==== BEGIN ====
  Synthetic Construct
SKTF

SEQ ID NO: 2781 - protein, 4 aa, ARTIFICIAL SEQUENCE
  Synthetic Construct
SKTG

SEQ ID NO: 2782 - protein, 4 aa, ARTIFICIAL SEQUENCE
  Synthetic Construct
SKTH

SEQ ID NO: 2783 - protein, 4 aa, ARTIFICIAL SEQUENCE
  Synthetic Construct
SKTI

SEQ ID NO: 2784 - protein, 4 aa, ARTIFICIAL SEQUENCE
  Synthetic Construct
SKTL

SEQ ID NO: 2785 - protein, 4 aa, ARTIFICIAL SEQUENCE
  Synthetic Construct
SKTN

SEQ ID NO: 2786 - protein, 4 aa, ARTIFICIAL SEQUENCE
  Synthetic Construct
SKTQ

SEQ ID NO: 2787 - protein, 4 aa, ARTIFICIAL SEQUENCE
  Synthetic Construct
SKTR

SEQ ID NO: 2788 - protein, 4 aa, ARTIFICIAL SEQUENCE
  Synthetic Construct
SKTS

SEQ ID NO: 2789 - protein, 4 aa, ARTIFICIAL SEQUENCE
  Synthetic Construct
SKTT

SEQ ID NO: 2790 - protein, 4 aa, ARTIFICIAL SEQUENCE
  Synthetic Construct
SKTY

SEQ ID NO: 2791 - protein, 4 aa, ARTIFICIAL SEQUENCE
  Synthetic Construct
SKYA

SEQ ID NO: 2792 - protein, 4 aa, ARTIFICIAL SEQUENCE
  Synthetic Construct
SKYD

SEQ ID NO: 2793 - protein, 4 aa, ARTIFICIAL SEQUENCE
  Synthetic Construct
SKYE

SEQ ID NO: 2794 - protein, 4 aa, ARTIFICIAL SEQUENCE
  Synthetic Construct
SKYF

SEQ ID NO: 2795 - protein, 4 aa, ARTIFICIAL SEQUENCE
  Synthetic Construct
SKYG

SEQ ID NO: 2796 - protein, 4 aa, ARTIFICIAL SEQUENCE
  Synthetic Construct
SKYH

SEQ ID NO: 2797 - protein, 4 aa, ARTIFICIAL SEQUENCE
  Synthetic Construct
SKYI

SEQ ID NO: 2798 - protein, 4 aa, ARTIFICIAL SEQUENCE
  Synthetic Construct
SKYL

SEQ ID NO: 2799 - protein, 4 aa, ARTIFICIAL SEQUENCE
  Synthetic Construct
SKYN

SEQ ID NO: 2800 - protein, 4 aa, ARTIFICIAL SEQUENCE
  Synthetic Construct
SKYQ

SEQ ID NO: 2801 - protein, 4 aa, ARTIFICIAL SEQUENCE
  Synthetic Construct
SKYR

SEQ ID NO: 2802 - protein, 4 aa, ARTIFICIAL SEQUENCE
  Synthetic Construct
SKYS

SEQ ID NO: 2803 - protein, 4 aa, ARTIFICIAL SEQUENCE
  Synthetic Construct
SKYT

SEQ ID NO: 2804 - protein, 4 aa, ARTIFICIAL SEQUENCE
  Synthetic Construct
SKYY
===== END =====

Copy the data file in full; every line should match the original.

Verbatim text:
  Synthetic Construct
SKTF

SEQ ID NO: 2781 - protein, 4 aa, ARTIFICIAL SEQUENCE
  Synthetic Construct
SKTG

SEQ ID NO: 2782 - protein, 4 aa, ARTIFICIAL SEQUENCE
  Synthetic Construct
SKTH

SEQ ID NO: 2783 - protein, 4 aa, ARTIFICIAL SEQUENCE
  Synthetic Construct
SKTI

SEQ ID NO: 2784 - protein, 4 aa, ARTIFICIAL SEQUENCE
  Synthetic Construct
SKTL

SEQ ID NO: 2785 - protein, 4 aa, ARTIFICIAL SEQUENCE
  Synthetic Construct
SKTN

SEQ ID NO: 2786 - protein, 4 aa, ARTIFICIAL SEQUENCE
  Synthetic Construct
SKTQ

SEQ ID NO: 2787 - protein, 4 aa, ARTIFICIAL SEQUENCE
  Synthetic Construct
SKTR

SEQ ID NO: 2788 - protein, 4 aa, ARTIFICIAL SEQUENCE
  Synthetic Construct
SKTS

SEQ ID NO: 2789 - protein, 4 aa, ARTIFICIAL SEQUENCE
  Synthetic Construct
SKTT

SEQ ID NO: 2790 - protein, 4 aa, ARTIFICIAL SEQUENCE
  Synthetic Construct
SKTY

SEQ ID NO: 2791 - protein, 4 aa, ARTIFICIAL SEQUENCE
  Synthetic Construct
SKYA

SEQ ID NO: 2792 - protein, 4 aa, ARTIFICIAL SEQUENCE
  Synthetic Construct
SKYD

SEQ ID NO: 2793 - protein, 4 aa, ARTIFICIAL SEQUENCE
  Synthetic Construct
SKYE

SEQ ID NO: 2794 - protein, 4 aa, ARTIFICIAL SEQUENCE
  Synthetic Construct
SKYF

SEQ ID NO: 2795 - protein, 4 aa, ARTIFICIAL SEQUENCE
  Synthetic Construct
SKYG

SEQ ID NO: 2796 - protein, 4 aa, ARTIFICIAL SEQUENCE
  Synthetic Construct
SKYH

SEQ ID NO: 2797 - protein, 4 aa, ARTIFICIAL SEQUENCE
  Synthetic Construct
SKYI

SEQ ID NO: 2798 - protein, 4 aa, ARTIFICIAL SEQUENCE
  Synthetic Construct
SKYL

SEQ ID NO: 2799 - protein, 4 aa, ARTIFICIAL SEQUENCE
  Synthetic Construct
SKYN

SEQ ID NO: 2800 - protein, 4 aa, ARTIFICIAL SEQUENCE
  Synthetic Construct
SKYQ

SEQ ID NO: 2801 - protein, 4 aa, ARTIFICIAL SEQUENCE
  Synthetic Construct
SKYR

SEQ ID NO: 2802 - protein, 4 aa, ARTIFICIAL SEQUENCE
  Synthetic Construct
SKYS

SEQ ID NO: 2803 - protein, 4 aa, ARTIFICIAL SEQUENCE
  Synthetic Construct
SKYT

SEQ ID NO: 2804 - protein, 4 aa, ARTIFICIAL SEQUENCE
  Synthetic Construct
SKYY